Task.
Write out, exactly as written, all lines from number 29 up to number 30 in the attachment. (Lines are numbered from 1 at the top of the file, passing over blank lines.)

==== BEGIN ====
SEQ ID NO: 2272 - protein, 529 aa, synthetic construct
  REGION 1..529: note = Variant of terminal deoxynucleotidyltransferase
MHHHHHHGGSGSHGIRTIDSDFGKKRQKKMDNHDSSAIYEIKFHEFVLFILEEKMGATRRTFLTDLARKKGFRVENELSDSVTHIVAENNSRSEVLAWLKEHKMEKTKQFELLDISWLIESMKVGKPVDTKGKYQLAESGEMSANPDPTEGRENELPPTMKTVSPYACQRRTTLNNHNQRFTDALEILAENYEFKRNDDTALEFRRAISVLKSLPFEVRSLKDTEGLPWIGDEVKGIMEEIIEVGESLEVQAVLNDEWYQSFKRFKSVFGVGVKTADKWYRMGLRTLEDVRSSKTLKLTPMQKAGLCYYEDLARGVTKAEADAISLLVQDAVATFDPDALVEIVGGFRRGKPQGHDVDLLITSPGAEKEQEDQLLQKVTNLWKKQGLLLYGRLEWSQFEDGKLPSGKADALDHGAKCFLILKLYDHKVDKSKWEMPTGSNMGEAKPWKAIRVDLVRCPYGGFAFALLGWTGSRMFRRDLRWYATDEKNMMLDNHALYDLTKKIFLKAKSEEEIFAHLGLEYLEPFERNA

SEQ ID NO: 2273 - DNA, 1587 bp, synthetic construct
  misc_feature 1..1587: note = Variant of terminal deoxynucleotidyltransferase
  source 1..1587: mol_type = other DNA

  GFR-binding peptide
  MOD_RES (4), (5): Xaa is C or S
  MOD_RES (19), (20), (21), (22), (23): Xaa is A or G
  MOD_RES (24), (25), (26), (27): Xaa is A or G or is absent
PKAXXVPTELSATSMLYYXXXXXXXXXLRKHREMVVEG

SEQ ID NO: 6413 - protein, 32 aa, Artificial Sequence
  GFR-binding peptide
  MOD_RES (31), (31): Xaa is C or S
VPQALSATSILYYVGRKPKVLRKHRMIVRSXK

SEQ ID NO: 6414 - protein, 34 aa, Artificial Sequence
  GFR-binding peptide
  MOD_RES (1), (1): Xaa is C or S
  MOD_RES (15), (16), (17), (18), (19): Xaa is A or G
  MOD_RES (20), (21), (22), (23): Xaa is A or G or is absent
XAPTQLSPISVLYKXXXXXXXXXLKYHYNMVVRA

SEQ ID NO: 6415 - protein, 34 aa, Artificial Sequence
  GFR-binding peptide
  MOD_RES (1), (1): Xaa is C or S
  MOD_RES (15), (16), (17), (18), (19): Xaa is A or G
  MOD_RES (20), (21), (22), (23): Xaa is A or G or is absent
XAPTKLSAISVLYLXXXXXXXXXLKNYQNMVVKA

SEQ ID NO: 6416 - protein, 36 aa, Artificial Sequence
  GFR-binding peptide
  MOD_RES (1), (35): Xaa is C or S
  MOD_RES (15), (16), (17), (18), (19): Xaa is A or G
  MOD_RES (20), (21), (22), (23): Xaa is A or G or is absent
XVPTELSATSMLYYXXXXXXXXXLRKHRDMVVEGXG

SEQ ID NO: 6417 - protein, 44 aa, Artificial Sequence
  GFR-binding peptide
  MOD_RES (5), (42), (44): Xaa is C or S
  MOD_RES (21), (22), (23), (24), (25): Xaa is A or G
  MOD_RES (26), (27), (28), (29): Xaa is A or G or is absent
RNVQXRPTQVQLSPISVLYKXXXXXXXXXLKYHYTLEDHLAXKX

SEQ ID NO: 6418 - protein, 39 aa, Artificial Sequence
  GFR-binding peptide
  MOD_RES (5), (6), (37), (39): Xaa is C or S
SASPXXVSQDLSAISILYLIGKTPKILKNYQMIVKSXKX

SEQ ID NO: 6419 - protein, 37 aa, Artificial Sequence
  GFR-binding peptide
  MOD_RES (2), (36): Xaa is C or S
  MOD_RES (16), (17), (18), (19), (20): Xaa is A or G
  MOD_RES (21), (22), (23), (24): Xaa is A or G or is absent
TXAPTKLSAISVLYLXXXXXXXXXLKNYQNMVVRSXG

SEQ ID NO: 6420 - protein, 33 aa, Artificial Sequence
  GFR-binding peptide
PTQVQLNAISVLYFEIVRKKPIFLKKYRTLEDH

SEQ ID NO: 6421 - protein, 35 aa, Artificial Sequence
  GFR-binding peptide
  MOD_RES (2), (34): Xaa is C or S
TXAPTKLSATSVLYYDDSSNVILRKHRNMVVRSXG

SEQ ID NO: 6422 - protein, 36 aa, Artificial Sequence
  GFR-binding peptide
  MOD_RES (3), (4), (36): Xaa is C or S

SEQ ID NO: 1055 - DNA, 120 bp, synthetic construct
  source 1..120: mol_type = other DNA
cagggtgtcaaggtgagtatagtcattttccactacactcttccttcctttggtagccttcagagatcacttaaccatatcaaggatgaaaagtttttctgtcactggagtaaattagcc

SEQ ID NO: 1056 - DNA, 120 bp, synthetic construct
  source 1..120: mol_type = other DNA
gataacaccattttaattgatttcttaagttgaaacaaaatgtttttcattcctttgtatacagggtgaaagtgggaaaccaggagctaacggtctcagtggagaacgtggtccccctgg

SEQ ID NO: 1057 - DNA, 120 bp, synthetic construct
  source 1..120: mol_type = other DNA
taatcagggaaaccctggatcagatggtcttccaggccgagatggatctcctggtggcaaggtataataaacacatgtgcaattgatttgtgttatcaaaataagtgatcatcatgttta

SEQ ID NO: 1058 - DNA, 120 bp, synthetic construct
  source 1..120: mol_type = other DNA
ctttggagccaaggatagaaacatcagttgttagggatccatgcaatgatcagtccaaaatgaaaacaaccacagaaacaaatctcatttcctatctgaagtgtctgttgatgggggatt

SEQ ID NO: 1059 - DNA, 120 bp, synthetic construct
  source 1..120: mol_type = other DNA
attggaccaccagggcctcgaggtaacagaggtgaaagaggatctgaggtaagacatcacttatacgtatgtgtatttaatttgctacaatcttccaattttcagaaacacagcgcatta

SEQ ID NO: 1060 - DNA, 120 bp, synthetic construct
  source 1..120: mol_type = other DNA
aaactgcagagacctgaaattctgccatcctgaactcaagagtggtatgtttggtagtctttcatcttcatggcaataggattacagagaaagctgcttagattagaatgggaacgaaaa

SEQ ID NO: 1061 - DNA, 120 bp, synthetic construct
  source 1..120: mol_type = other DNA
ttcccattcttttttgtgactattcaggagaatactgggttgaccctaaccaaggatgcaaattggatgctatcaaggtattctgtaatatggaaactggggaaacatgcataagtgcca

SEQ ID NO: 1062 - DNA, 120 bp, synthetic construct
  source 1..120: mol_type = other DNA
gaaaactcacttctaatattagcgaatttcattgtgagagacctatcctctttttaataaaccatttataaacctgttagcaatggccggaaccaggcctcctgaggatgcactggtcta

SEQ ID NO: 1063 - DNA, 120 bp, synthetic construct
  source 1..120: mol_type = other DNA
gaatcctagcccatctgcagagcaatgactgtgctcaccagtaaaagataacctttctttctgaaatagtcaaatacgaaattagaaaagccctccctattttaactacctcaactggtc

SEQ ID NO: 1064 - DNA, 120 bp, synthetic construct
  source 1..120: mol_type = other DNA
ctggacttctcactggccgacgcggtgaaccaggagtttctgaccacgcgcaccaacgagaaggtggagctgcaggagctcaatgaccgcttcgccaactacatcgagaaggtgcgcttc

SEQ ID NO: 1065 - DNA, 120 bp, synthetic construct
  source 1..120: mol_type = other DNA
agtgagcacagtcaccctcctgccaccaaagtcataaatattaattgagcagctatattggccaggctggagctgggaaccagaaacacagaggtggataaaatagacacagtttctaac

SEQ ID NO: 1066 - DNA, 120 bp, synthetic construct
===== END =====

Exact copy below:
  GFR-binding peptide
  MOD_RES (1), (35): Xaa is C or S